So far, our team has been able to clear two small channels for essential ships helping clear the wreckage.

And, yesterday, the Army Corps announced that by the end of April they will be able to open the third channel for some commercial traffic, including car carriers.  And by the end of May, we’ll open the full channel — the full channel.  (Applause.) 

My task force on Supply Chain Disruption has been able to — been engaging with union, rail, trucking, shipping, state and local leaders to minimize the impact on our supply chains.  

And I’m proud to announce that the federal government will provide over $8 million in grant funds to make the infrastructure improvements at Sparrows Point, as the only [part of the] port unaffected by this collapse, which will allow Sparrows Point to take on more ships.  And that’s happening now — will happen shortly.

Second, we’re focusing on protecting the workers and businesses.  Folks, 20,000 jobs depend on this port.  Twenty thousand families depend on this port to buy groceries, to make rent, to pay their bills.  

Today, my administration is announcing the first tranche of Dislocated Worker Grants — fancy phrase to — which is dimed — all of it is there to make sure it — it helps create jobs for workers involved in the cleanup of this incident — additional jobs.  

My Small Business Administration has also issued a disaster declaration, which will allow the SBA to offer low-interest loans for small businesses impacted by the collapse in order to keep things moving.  

The state, the city, the county are also stepping up in impressive ways to help workers and businesses who have been affected by this disaster.  

But, folks, we all need to step up.  Amazon, Home Depot, Domino Sugar, and many other companies all rely on this port.  And they have committed to keep workers and payrolls on their — and their businesses in Baltimore and [as we] move as quickly and clearly as possible to clear the channel.  (Applause.) 

I’m calling on every company at and around the port to do the same thing — the same exact thing: commit to stay.  

And to the customers who use this port, we’re coming back, and we’re coming back soon.  

Folks, finally, we’re going to move heaven and earth to rebuild this bridge as rapidly as humanly possible.  And we’re going to do so with union labor and American steel.  (Applause.)  For a simple reason: They’re the best workers in the world, and that’s not hyperbole. 

Every day, over 30,000 vehicles traveled across this bridge, and I was one of those people.  I commuted every day from Delaware for 36 years year to Washington, D.C., back and forth, and about one fourth of that time by automobile.  I’ve been to every part of this port. 

Folks, we now face a question no American should ever have to ask: How will I get to work?  How will I go to school?  How will I get to a hospital?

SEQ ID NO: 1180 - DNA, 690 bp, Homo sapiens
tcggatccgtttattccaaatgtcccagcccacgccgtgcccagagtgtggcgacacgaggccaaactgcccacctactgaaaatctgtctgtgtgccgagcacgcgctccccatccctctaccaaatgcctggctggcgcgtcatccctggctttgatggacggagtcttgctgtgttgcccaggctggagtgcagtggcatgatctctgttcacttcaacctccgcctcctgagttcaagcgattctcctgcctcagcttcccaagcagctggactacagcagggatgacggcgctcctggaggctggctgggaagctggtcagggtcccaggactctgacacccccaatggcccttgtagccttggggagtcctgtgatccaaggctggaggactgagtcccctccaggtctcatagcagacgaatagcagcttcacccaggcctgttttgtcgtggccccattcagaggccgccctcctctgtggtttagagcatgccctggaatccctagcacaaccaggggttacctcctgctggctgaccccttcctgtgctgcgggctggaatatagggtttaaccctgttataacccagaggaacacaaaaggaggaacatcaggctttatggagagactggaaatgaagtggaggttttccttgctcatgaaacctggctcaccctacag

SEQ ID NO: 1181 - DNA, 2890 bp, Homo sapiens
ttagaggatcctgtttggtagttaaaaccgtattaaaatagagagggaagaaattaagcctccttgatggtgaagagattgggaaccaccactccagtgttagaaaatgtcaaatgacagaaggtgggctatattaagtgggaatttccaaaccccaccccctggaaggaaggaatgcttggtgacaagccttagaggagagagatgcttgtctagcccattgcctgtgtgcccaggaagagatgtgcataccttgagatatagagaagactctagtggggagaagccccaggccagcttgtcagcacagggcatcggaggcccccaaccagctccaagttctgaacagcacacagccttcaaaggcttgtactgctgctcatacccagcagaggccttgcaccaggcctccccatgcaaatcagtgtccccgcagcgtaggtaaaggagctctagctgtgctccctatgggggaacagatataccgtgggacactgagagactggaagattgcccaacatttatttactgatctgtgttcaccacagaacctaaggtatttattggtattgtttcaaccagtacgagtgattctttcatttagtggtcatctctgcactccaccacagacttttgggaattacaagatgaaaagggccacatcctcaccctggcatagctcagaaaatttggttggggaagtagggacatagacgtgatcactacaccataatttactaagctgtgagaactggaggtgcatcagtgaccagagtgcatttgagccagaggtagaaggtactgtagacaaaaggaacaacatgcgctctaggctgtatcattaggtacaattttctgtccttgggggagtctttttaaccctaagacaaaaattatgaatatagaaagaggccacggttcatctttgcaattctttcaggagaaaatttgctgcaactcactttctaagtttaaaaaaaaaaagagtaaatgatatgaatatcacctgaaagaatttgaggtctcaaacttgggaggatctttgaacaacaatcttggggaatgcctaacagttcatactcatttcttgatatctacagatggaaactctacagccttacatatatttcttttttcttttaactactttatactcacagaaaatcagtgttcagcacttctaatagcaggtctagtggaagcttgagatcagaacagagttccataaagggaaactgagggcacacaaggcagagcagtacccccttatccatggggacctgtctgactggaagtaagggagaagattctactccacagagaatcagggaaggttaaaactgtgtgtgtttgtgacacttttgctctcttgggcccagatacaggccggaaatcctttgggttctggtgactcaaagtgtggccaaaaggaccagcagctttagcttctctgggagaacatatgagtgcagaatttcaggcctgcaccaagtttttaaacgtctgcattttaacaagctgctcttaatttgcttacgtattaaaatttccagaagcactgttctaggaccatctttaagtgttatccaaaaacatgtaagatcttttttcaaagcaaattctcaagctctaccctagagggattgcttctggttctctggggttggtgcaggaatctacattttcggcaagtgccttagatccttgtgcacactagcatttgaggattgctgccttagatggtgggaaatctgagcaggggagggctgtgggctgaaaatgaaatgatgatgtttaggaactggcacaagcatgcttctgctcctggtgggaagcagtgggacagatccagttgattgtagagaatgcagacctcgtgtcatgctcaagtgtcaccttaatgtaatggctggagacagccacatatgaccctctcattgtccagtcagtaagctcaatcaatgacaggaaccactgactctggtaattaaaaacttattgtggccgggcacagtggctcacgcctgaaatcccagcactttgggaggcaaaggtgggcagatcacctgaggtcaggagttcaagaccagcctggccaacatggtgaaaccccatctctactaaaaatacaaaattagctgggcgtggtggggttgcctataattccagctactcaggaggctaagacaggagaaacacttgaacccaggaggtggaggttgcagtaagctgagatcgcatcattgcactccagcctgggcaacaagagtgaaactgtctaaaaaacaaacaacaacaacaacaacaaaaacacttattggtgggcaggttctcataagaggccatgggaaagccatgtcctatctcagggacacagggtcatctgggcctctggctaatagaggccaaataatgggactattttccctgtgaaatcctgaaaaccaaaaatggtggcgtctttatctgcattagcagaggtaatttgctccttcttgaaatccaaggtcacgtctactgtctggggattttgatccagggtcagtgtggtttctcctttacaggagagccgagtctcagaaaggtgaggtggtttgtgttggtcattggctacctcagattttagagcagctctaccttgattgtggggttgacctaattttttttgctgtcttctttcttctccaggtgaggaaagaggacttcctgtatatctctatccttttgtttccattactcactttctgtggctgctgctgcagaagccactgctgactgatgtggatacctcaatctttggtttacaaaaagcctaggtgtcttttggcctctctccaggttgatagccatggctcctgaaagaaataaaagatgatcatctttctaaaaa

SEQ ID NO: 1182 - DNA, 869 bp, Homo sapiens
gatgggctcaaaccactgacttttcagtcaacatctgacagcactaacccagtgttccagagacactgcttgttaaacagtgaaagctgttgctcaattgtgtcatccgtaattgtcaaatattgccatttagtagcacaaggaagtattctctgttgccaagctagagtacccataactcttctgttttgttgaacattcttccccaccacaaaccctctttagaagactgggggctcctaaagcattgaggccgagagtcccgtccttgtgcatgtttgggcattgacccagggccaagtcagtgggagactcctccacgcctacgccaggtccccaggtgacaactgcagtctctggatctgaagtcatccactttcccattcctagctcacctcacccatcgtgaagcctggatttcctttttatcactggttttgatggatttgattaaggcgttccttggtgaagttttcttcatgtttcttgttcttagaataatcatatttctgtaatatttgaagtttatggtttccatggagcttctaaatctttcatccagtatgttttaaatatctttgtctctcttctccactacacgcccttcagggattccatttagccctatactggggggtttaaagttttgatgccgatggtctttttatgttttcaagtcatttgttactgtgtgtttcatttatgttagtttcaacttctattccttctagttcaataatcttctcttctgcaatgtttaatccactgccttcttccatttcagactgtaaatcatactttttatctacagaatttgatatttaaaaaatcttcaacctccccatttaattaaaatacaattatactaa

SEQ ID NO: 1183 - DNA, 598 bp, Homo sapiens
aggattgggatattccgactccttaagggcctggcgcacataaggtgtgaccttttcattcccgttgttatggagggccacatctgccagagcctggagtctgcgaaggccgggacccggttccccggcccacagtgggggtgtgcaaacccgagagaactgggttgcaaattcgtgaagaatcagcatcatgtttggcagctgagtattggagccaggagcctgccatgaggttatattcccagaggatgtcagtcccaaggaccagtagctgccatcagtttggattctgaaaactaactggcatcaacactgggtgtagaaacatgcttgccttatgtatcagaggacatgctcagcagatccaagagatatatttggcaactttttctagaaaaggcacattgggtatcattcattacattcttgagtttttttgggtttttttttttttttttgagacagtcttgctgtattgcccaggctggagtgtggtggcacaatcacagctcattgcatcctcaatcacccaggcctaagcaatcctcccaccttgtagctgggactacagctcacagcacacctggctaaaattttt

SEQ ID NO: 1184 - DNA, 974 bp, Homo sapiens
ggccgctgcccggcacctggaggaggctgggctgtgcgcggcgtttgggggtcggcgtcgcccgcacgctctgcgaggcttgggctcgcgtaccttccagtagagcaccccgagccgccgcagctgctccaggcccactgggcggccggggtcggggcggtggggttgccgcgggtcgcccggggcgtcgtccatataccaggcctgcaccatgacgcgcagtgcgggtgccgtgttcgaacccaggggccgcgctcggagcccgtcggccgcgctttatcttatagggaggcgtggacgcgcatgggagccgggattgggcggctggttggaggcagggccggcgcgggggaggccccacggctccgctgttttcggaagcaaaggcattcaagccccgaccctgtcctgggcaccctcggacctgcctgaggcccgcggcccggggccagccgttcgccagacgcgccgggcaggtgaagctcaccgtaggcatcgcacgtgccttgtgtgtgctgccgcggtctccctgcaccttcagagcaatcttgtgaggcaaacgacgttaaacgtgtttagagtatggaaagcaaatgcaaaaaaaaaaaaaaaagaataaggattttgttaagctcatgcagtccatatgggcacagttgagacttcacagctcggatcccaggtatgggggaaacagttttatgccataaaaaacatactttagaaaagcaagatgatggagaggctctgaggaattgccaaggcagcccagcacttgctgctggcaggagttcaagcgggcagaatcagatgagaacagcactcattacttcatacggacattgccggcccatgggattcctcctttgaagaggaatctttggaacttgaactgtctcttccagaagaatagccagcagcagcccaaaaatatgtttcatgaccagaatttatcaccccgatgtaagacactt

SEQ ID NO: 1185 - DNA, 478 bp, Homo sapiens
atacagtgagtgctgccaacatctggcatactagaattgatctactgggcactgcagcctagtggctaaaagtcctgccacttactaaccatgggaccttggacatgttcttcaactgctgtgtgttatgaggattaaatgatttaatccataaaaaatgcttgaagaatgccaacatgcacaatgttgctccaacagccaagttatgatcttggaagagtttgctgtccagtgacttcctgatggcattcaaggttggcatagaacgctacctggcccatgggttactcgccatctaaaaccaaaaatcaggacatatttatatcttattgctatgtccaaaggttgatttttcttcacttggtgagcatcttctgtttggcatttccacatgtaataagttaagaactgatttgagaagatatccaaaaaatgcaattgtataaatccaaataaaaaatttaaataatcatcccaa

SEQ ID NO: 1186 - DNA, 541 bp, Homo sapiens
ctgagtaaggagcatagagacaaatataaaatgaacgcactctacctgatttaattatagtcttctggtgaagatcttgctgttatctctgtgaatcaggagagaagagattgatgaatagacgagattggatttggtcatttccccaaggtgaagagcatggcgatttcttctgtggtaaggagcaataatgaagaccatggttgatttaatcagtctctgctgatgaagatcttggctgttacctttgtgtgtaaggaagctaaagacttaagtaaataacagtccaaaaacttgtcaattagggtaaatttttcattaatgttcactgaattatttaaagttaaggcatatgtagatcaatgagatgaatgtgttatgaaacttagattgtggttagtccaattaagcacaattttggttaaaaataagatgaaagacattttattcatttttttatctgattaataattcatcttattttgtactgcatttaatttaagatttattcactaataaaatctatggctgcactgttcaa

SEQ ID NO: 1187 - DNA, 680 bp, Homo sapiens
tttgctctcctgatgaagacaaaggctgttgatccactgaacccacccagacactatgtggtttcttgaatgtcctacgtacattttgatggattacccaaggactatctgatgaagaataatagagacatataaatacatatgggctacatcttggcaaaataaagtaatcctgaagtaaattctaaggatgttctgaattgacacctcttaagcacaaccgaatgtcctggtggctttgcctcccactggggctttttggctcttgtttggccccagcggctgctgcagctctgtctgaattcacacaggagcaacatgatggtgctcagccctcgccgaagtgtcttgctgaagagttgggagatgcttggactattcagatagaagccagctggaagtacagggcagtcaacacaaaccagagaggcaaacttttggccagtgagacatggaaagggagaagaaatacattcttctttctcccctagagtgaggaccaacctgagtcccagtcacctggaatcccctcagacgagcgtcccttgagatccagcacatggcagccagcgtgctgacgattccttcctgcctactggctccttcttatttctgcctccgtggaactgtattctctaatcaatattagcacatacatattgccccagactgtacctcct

A response — in response, everyone, including Congress, should be asking only one question, and they’re going to be asked the question by your delegation: How can we help?  How can we solve that problem?  

My administration is committed — absolutely committed to ensuring that the parties responsible for this tragedy pay to repair the damage and be held accountable to the fullest extent the law will allow.  

But I also want to be clear: We will support Maryland and Baltimore every step of the way to help you rebuild and maintain all the business and commerce that’s here now.  (Applause.)  

As the governor — as the governor can tell you, within hours of the American req- — the Maryland request, we approved $60 million in emergency federal funding.  I fully intend — I fully intend, as the governor knows, to have the federal government cover the cost of rebuilding this entire bridge — all of it — all of it — (applause) — as we’ve done in other parts of the country in similar circumstances. 

And I stand here, I call on Congress to authorize this effort as soon as possible.  

Let me close with this.  This port is over 300 years old.  As a matter of fact, as I said, my great-great-grandfather worked here as a waterman in this bay.  This port is older than our Republic.  And it’s been through tough, tough times before.  

During the war of 1812, a young Marylander named Francis Scott Key, to whom the bridge is named after, sat in a boat in this very harbor, and he watched — he watched the British troops launch an attack after attack on American forces.  

But as the dawn broke, we saw the American flag still flying, Baltimore was still standing, and our nation, as he wrote in the “Star-Spangled Banner,” had made it through a perilous fight.  

Folks, this is going to take time, but Governor Moore, Senator Cardin, Senator Van Hollen, Congressman Mfume, Mayor Scott, County Executive Johnny O., and others are going to rebuild this bridge as rapidly as possible.  And, folks, we’re determined to come back even stronger.

We’re the only nation that has gone through every crisis that we’ve had — we come out stronger than we went in.  And we’re going to do it here as well.  And once more to make this perilous challenge — this perilous challenge.

You know, because we’re the United States of America, there’s nothing — nothing, nothing beyond our capacity when we do it together.  Think about that.  Remember who we are.  We’re the United States of America.  Nothing is beyond our capacity.  

May God bless you all.  And may God protect our troops, our first responders, and all those who gave their soul.  

Thank you, thank you, thank you.  (Applause.) 

  3:33 P.M. EDT